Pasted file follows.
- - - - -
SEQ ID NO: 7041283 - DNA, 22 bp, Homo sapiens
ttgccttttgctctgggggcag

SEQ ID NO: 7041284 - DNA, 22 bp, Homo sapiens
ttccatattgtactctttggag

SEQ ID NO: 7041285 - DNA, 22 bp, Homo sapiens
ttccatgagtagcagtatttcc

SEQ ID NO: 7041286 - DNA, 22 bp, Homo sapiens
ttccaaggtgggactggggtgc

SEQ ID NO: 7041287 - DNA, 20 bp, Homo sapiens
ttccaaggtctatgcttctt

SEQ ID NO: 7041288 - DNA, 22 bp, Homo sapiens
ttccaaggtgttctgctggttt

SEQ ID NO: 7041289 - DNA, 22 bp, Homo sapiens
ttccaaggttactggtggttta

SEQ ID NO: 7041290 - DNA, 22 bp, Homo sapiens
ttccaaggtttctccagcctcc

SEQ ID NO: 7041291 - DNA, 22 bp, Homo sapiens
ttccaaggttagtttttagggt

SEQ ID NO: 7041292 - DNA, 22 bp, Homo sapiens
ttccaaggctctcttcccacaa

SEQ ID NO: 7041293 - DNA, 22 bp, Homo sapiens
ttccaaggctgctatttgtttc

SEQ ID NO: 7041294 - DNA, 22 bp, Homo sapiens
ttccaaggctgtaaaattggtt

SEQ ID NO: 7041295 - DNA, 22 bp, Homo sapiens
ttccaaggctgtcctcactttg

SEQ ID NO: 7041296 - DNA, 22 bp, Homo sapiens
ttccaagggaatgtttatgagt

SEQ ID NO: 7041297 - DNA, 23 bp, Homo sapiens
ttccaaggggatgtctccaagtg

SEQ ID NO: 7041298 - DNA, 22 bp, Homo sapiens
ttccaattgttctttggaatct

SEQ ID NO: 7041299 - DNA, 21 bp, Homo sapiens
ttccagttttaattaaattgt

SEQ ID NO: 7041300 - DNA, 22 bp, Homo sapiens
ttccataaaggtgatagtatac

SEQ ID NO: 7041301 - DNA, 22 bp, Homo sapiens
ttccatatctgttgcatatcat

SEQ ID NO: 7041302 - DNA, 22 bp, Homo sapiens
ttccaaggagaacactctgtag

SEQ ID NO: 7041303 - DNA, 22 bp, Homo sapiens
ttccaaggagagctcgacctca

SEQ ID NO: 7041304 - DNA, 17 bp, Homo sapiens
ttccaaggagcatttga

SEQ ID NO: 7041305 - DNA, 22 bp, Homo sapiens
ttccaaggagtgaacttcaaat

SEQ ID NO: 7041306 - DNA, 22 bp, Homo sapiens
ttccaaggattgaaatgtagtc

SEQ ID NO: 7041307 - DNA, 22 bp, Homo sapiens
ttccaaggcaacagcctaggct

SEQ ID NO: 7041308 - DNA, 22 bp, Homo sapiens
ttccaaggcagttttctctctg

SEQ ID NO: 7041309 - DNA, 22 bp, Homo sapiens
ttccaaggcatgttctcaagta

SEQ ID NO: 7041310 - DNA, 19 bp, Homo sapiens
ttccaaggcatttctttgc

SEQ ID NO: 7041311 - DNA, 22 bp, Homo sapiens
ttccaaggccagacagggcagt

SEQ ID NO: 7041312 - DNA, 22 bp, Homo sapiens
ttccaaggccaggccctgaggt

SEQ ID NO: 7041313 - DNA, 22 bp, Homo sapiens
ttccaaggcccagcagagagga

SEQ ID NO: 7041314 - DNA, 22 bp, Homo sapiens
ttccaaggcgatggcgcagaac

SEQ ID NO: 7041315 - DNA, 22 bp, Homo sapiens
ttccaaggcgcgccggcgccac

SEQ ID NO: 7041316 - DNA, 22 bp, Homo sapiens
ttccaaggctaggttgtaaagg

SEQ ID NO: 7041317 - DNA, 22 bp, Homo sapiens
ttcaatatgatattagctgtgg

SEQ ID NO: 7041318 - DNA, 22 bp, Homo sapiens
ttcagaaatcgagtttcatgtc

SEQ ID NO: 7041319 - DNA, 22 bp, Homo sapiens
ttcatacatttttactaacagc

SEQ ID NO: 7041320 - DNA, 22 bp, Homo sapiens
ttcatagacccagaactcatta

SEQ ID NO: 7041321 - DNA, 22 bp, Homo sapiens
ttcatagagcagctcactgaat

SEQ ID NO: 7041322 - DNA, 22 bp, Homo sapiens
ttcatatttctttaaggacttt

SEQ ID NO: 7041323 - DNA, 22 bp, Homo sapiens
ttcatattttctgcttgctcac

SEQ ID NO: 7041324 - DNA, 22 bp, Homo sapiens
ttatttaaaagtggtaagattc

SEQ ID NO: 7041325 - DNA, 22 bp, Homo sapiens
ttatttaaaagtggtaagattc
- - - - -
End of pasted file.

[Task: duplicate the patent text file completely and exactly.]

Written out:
SEQ ID NO: 7041283 - DNA, 22 bp, Homo sapiens
ttgccttttgctctgggggcag

SEQ ID NO: 7041284 - DNA, 22 bp, Homo sapiens
ttccatattgtactctttggag

SEQ ID NO: 7041285 - DNA, 22 bp, Homo sapiens
ttccatgagtagcagtatttcc

SEQ ID NO: 7041286 - DNA, 22 bp, Homo sapiens
ttccaaggtgggactggggtgc

SEQ ID NO: 7041287 - DNA, 20 bp, Homo sapiens
ttccaaggtctatgcttctt

SEQ ID NO: 7041288 - DNA, 22 bp, Homo sapiens
ttccaaggtgttctgctggttt

SEQ ID NO: 7041289 - DNA, 22 bp, Homo sapiens
ttccaaggttactggtggttta

SEQ ID NO: 7041290 - DNA, 22 bp, Homo sapiens
ttccaaggtttctccagcctcc

SEQ ID NO: 7041291 - DNA, 22 bp, Homo sapiens
ttccaaggttagtttttagggt

SEQ ID NO: 7041292 - DNA, 22 bp, Homo sapiens
ttccaaggctctcttcccacaa

SEQ ID NO: 7041293 - DNA, 22 bp, Homo sapiens
ttccaaggctgctatttgtttc

SEQ ID NO: 7041294 - DNA, 22 bp, Homo sapiens
ttccaaggctgtaaaattggtt

SEQ ID NO: 7041295 - DNA, 22 bp, Homo sapiens
ttccaaggctgtcctcactttg

SEQ ID NO: 7041296 - DNA, 22 bp, Homo sapiens
ttccaagggaatgtttatgagt

SEQ ID NO: 7041297 - DNA, 23 bp, Homo sapiens
ttccaaggggatgtctccaagtg

SEQ ID NO: 7041298 - DNA, 22 bp, Homo sapiens
ttccaattgttctttggaatct

SEQ ID NO: 7041299 - DNA, 21 bp, Homo sapiens
ttccagttttaattaaattgt

SEQ ID NO: 7041300 - DNA, 22 bp, Homo sapiens
ttccataaaggtgatagtatac

SEQ ID NO: 7041301 - DNA, 22 bp, Homo sapiens
ttccatatctgttgcatatcat

SEQ ID NO: 7041302 - DNA, 22 bp, Homo sapiens
ttccaaggagaacactctgtag

SEQ ID NO: 7041303 - DNA, 22 bp, Homo sapiens
ttccaaggagagctcgacctca

SEQ ID NO: 7041304 - DNA, 17 bp, Homo sapiens
ttccaaggagcatttga

SEQ ID NO: 7041305 - DNA, 22 bp, Homo sapiens
ttccaaggagtgaacttcaaat

SEQ ID NO: 7041306 - DNA, 22 bp, Homo sapiens
ttccaaggattgaaatgtagtc

SEQ ID NO: 7041307 - DNA, 22 bp, Homo sapiens
ttccaaggcaacagcctaggct

SEQ ID NO: 7041308 - DNA, 22 bp, Homo sapiens
ttccaaggcagttttctctctg

SEQ ID NO: 7041309 - DNA, 22 bp, Homo sapiens
ttccaaggcatgttctcaagta

SEQ ID NO: 7041310 - DNA, 19 bp, Homo sapiens
ttccaaggcatttctttgc

SEQ ID NO: 7041311 - DNA, 22 bp, Homo sapiens
ttccaaggccagacagggcagt

SEQ ID NO: 7041312 - DNA, 22 bp, Homo sapiens
ttccaaggccaggccctgaggt

SEQ ID NO: 7041313 - DNA, 22 bp, Homo sapiens
ttccaaggcccagcagagagga

SEQ ID NO: 7041314 - DNA, 22 bp, Homo sapiens
ttccaaggcgatggcgcagaac

SEQ ID NO: 7041315 - DNA, 22 bp, Homo sapiens
ttccaaggcgcgccggcgccac

SEQ ID NO: 7041316 - DNA, 22 bp, Homo sapiens
ttccaaggctaggttgtaaagg

SEQ ID NO: 7041317 - DNA, 22 bp, Homo sapiens
ttcaatatgatattagctgtgg

SEQ ID NO: 7041318 - DNA, 22 bp, Homo sapiens
ttcagaaatcgagtttcatgtc

SEQ ID NO: 7041319 - DNA, 22 bp, Homo sapiens
ttcatacatttttactaacagc

SEQ ID NO: 7041320 - DNA, 22 bp, Homo sapiens
ttcatagacccagaactcatta

SEQ ID NO: 7041321 - DNA, 22 bp, Homo sapiens
ttcatagagcagctcactgaat

SEQ ID NO: 7041322 - DNA, 22 bp, Homo sapiens
ttcatatttctttaaggacttt

SEQ ID NO: 7041323 - DNA, 22 bp, Homo sapiens
ttcatattttctgcttgctcac

SEQ ID NO: 7041324 - DNA, 22 bp, Homo sapiens
ttatttaaaagtggtaagattc

SEQ ID NO: 7041325 - DNA, 22 bp, Homo sapiens
ttatttaaaagtggtaagattc